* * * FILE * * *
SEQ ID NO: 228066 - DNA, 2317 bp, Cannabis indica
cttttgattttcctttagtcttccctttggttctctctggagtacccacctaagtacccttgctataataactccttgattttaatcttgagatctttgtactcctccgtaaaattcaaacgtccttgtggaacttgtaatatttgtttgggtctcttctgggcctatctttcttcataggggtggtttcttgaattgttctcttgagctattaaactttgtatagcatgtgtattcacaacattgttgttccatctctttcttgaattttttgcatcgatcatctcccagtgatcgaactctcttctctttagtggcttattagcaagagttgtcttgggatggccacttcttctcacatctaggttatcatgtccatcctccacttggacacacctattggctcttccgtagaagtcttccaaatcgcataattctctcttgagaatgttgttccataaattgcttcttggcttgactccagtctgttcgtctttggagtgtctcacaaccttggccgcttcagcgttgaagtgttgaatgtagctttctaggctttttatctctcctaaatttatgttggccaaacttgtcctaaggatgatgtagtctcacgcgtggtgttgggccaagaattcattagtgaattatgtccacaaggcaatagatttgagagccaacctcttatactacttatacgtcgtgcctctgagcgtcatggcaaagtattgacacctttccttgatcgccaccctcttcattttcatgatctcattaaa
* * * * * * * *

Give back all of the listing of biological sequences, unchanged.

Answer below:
SEQ ID NO: 228066 - DNA, 2317 bp, Cannabis indica
cttttgattttcctttagtcttccctttggttctctctggagtacccacctaagtacccttgctataataactccttgattttaatcttgagatctttgtactcctccgtaaaattcaaacgtccttgtggaacttgtaatatttgtttgggtctcttctgggcctatctttcttcataggggtggtttcttgaattgttctcttgagctattaaactttgtatagcatgtgtattcacaacattgttgttccatctctttcttgaattttttgcatcgatcatctcccagtgatcgaactctcttctctttagtggcttattagcaagagttgtcttgggatggccacttcttctcacatctaggttatcatgtccatcctccacttggacacacctattggctcttccgtagaagtcttccaaatcgcataattctctcttgagaatgttgttccataaattgcttcttggcttgactccagtctgttcgtctttggagtgtctcacaaccttggccgcttcagcgttgaagtgttgaatgtagctttctaggctttttatctctcctaaatttatgttggccaaacttgtcctaaggatgatgtagtctcacgcgtggtgttgggccaagaattcattagtgaattatgtccacaaggcaatagatttgagagccaacctcttatactacttatacgtcgtgcctctgagcgtcatggcaaagtattgacacctttccttgatcgccaccctcttcattttcatgatctcattaaa